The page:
In still another embodiment of the present invention, a top substrate is affixed to the flexible substrate. The top substrate defines an access opening through the top substrate and over the sensing region.

In still another embodiment of the present invention, at least one via runs along a side of the bottom substrate between the bottom substrate top side and the bottom substrate bottom side.

In a further embodiment of the present invention, at least one lead element is a conductive trace around each of the at least one via on the bottom substrate bottom face.

A portable user interface including a plurality of keys and a pointing device is also provided. A first substrate supports a plurality of conductive traces. Key switches are affixed to the first substrate. A second substrate is soldered to the first substrate conductive traces. The second substrate has a plurality of contact regions, each contact region including a plurality of spaced apart traces. The spaced apart traces are electrically connected to the first substrate conductive traces. A flexible substrate is spaced above the second substrate. The flexible substrate is coated with a resistive coating on a side facing the contact regions such that, when pressure is applied to the flexible substrate, the flexible substrate deflects onto the second substrate to form a resistive connection between the spaced apart traces in at least one contact region. A keypad membrane covers the flexible substrate and the key switches. The membrane defines a button in a region of the membrane over each of the key switches. The membrane further defines a rounded region for contacting the flexible substrate. The rounded region deflects a portion of the flexible substrate onto at least one contact region based on pressure applied to a side of the keypad membrane opposite of the rounded region.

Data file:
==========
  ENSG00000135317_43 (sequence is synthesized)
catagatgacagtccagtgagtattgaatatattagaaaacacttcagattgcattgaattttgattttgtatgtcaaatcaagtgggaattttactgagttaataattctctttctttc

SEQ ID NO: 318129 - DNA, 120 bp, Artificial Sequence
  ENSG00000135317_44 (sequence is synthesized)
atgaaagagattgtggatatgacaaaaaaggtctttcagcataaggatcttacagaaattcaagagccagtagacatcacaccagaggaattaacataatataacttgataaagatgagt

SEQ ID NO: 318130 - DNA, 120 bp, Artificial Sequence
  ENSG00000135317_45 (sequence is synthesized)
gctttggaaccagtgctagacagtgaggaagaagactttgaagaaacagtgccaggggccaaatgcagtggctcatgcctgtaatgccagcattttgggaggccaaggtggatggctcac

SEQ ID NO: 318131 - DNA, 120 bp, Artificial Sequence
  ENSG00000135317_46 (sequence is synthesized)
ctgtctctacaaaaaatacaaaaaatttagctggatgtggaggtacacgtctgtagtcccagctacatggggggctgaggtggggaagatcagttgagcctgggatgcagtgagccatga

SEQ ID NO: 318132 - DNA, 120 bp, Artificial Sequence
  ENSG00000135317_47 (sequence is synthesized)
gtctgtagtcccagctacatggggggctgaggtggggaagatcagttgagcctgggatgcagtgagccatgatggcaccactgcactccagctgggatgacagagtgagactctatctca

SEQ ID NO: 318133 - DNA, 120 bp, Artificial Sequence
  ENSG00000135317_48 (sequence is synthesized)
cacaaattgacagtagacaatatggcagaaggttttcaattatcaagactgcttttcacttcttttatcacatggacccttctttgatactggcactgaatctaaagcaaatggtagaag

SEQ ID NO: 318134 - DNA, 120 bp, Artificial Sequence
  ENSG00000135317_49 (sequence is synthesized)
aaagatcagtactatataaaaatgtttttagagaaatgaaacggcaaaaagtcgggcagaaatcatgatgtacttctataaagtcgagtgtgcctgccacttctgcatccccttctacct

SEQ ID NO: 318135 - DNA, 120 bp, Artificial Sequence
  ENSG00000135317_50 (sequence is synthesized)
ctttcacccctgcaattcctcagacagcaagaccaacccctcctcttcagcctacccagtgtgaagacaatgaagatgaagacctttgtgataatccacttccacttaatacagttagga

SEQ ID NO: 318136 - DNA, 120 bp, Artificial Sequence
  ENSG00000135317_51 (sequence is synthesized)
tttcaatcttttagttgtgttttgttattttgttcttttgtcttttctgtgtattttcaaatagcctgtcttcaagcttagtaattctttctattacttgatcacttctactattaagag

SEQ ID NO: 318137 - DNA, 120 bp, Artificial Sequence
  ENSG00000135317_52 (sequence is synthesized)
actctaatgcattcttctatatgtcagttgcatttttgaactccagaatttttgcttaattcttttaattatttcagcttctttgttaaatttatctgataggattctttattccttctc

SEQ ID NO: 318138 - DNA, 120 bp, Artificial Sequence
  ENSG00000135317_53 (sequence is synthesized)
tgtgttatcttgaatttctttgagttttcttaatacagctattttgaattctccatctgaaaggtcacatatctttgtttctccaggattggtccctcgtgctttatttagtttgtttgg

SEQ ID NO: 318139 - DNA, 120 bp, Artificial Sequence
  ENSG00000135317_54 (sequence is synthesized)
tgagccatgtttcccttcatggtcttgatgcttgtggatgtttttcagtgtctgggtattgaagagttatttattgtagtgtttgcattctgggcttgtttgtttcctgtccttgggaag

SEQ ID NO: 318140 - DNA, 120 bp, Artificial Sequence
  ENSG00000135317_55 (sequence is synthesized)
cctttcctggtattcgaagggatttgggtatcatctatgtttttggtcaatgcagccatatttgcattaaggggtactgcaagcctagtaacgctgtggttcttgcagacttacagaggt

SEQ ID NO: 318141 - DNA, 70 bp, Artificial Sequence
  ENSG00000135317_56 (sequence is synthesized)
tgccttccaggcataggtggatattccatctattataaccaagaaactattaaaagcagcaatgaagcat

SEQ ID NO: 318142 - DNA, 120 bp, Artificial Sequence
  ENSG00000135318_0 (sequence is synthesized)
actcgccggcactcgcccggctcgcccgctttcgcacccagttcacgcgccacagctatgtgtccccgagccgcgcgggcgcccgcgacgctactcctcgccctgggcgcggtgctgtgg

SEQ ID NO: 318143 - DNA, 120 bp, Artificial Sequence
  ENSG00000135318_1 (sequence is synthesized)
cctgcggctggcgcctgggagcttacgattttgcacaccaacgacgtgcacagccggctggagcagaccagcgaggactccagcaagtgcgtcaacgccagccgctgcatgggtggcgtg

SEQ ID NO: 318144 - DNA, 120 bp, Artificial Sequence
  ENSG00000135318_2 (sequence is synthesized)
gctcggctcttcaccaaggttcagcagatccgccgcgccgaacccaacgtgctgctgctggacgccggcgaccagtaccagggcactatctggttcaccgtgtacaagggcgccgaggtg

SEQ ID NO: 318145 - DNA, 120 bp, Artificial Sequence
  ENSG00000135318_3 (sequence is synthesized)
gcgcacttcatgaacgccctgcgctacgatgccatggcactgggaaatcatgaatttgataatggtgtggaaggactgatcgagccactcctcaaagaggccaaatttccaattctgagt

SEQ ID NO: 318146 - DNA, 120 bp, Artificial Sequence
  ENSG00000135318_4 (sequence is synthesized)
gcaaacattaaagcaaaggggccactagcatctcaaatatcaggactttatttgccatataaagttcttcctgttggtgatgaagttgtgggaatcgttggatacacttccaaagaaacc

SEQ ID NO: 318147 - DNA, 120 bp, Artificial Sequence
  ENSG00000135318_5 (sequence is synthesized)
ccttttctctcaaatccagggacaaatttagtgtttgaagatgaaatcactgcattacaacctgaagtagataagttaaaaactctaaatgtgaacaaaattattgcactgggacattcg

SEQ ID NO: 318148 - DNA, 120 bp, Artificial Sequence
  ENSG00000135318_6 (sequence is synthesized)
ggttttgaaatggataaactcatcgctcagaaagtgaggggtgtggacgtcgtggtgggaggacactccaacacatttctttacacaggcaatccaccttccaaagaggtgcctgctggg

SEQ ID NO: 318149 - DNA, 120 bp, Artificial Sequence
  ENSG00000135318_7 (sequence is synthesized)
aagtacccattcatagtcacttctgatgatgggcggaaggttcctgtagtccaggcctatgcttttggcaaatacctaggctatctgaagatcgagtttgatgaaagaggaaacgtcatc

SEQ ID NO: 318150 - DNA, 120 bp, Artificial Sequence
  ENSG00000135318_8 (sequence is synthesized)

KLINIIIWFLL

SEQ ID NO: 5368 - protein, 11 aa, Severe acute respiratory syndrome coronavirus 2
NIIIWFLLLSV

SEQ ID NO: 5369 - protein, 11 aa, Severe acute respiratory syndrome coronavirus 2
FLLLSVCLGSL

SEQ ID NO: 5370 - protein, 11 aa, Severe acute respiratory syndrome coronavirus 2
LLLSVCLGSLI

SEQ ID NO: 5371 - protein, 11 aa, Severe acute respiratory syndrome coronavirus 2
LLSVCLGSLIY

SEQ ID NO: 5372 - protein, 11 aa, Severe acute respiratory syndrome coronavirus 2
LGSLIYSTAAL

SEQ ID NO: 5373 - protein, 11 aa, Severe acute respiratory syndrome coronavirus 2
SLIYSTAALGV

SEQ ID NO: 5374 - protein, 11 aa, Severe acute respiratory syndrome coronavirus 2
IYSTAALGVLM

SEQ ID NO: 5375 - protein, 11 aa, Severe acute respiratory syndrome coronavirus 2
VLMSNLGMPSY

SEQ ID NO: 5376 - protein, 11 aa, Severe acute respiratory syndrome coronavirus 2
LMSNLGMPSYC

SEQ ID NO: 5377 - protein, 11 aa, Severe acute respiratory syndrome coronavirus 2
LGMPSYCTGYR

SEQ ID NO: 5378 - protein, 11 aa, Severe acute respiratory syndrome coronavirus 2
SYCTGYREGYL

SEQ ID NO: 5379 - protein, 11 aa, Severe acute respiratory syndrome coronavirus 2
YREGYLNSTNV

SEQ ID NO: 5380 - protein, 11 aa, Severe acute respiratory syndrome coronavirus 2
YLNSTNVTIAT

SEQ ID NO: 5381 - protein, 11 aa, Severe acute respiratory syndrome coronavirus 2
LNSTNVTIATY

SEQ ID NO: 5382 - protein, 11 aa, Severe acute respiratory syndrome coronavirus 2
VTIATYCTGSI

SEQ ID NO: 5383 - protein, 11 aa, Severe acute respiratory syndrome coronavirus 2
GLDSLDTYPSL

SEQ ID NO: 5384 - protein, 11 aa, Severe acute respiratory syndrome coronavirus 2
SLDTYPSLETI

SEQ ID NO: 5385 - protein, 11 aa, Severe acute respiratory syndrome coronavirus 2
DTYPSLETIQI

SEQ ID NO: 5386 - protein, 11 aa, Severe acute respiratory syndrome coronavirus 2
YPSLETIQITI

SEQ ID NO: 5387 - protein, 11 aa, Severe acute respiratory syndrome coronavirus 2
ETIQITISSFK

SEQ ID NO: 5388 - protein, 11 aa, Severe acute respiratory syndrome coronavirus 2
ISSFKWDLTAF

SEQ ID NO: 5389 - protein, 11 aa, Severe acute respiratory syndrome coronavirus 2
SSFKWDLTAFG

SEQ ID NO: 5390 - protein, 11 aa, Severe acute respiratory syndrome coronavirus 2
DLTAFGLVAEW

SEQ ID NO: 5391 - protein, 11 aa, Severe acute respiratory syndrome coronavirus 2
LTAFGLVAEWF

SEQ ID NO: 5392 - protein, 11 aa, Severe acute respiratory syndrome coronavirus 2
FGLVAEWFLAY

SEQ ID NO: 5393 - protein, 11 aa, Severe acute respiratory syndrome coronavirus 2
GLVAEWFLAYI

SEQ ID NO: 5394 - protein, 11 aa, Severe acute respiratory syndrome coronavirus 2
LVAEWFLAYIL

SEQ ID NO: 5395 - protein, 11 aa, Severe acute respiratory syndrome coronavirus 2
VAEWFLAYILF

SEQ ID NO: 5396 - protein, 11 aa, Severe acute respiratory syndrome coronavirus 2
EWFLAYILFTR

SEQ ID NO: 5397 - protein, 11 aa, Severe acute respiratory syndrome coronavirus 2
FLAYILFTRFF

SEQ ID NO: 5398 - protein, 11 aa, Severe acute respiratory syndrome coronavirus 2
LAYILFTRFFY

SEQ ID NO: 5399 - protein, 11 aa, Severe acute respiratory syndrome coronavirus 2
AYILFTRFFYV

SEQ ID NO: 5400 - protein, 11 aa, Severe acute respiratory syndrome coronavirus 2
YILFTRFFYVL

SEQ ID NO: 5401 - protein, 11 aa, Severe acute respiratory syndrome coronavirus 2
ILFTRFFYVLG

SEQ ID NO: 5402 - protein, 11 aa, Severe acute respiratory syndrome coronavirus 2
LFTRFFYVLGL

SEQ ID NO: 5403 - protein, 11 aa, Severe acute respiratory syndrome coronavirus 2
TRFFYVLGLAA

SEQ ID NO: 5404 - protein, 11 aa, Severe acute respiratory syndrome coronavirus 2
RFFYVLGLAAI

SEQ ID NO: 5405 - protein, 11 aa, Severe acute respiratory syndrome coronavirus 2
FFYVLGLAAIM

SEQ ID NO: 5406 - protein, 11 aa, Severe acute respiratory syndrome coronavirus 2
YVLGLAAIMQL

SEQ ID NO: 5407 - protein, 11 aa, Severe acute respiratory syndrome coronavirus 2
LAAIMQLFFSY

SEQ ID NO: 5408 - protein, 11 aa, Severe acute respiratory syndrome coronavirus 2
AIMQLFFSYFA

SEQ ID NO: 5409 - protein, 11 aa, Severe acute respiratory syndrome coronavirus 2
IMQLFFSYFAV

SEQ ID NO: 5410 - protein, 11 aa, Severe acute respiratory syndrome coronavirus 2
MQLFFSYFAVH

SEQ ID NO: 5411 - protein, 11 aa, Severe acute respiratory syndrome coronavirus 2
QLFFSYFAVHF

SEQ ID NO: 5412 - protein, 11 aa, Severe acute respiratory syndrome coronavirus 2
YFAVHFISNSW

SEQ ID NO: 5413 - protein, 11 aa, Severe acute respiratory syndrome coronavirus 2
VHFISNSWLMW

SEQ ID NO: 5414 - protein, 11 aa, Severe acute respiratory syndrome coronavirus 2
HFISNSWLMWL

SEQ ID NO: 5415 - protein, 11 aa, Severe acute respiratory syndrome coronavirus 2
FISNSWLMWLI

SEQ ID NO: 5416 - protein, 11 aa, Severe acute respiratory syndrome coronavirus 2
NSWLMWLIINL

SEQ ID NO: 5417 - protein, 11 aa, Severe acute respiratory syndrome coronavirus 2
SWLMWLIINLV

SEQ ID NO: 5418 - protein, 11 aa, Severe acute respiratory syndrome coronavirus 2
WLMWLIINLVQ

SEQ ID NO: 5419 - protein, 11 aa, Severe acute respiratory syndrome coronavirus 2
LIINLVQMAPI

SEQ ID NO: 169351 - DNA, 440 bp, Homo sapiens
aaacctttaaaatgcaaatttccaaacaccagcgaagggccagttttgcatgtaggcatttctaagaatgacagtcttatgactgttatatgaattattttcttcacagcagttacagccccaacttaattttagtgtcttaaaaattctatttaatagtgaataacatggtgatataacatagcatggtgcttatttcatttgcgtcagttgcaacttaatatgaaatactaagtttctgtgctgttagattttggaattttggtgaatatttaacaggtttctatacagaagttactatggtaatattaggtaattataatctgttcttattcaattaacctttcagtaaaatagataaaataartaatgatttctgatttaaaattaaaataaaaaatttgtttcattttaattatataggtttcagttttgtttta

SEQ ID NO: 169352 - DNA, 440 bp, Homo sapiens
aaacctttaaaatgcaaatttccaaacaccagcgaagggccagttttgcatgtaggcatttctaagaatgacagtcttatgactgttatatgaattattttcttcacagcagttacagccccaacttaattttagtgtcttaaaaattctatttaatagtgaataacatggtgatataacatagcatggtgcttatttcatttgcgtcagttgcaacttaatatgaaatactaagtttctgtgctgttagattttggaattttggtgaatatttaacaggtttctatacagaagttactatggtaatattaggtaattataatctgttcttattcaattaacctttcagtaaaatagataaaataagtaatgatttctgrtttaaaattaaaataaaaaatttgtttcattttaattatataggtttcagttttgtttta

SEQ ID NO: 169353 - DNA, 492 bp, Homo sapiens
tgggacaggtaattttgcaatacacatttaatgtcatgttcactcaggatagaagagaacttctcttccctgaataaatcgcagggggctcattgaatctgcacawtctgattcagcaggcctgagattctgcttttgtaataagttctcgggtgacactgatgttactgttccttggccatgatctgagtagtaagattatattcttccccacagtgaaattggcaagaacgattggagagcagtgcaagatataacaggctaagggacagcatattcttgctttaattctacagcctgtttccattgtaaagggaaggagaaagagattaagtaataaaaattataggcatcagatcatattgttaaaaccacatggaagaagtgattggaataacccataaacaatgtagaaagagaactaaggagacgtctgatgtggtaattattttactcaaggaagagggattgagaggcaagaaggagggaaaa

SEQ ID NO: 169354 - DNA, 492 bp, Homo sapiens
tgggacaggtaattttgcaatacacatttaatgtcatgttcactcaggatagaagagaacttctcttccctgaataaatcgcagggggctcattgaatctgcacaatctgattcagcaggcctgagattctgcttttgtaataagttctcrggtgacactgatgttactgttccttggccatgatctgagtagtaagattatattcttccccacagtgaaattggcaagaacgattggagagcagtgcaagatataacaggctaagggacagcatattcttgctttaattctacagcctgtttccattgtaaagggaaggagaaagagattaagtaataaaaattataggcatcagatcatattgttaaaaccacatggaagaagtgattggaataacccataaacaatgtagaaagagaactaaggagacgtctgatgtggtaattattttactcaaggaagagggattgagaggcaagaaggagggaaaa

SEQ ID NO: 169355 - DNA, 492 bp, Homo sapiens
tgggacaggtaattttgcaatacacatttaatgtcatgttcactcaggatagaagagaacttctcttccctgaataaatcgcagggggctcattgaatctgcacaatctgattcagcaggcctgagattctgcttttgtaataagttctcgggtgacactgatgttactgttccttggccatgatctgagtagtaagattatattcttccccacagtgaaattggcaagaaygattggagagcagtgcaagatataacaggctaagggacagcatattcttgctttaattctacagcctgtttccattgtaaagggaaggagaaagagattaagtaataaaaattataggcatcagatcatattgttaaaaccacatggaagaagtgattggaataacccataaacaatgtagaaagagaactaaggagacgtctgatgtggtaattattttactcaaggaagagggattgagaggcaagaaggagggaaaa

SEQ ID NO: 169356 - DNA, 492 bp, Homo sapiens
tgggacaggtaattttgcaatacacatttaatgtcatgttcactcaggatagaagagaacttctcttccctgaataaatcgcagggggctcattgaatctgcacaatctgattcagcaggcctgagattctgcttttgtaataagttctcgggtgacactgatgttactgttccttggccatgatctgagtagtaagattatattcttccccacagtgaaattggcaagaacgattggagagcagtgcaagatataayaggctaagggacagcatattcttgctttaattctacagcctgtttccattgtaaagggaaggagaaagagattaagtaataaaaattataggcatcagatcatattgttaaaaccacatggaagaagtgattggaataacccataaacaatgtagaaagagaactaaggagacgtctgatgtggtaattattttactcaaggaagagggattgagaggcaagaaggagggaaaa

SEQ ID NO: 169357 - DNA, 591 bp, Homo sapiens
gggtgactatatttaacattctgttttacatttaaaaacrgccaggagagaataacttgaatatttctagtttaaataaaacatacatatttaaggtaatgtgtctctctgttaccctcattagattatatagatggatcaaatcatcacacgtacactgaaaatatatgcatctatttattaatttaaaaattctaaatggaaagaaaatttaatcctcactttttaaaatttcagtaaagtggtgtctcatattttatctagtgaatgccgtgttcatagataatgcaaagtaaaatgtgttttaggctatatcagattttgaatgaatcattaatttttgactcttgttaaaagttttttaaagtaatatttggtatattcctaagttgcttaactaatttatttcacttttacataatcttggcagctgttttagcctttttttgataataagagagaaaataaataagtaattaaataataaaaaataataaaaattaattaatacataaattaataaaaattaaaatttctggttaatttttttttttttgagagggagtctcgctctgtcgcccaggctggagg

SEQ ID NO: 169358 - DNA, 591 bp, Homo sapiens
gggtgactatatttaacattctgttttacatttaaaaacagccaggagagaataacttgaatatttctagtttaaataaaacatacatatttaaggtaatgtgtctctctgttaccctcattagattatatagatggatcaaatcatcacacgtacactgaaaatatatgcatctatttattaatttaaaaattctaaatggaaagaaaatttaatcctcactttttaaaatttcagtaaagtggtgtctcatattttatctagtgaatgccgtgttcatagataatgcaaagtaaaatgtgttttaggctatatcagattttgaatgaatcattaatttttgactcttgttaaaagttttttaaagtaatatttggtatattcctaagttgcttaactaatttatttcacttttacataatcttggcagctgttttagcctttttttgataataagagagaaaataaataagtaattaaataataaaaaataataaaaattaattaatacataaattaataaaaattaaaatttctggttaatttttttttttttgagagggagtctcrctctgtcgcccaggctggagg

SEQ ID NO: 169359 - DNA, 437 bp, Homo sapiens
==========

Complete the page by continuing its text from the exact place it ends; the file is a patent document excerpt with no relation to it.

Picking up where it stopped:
In an embodiment of the present invention, the dimensional resolution of the second substrate spaced apart traces is substantially finer than the dimensional resolution of the first substrate traces.

In yet another embodiment of the present invention, the second substrate defines a plurality of conducting vias, each via carrying electrical signals between one of the spaced apart traces and one of the first substrate conductive traces. Each via is at least partially surrounded by conducting material on a side of the second substrate opposite of the plurality of contacting regions. The conducting material is soldered to one of the first substrate conductive traces.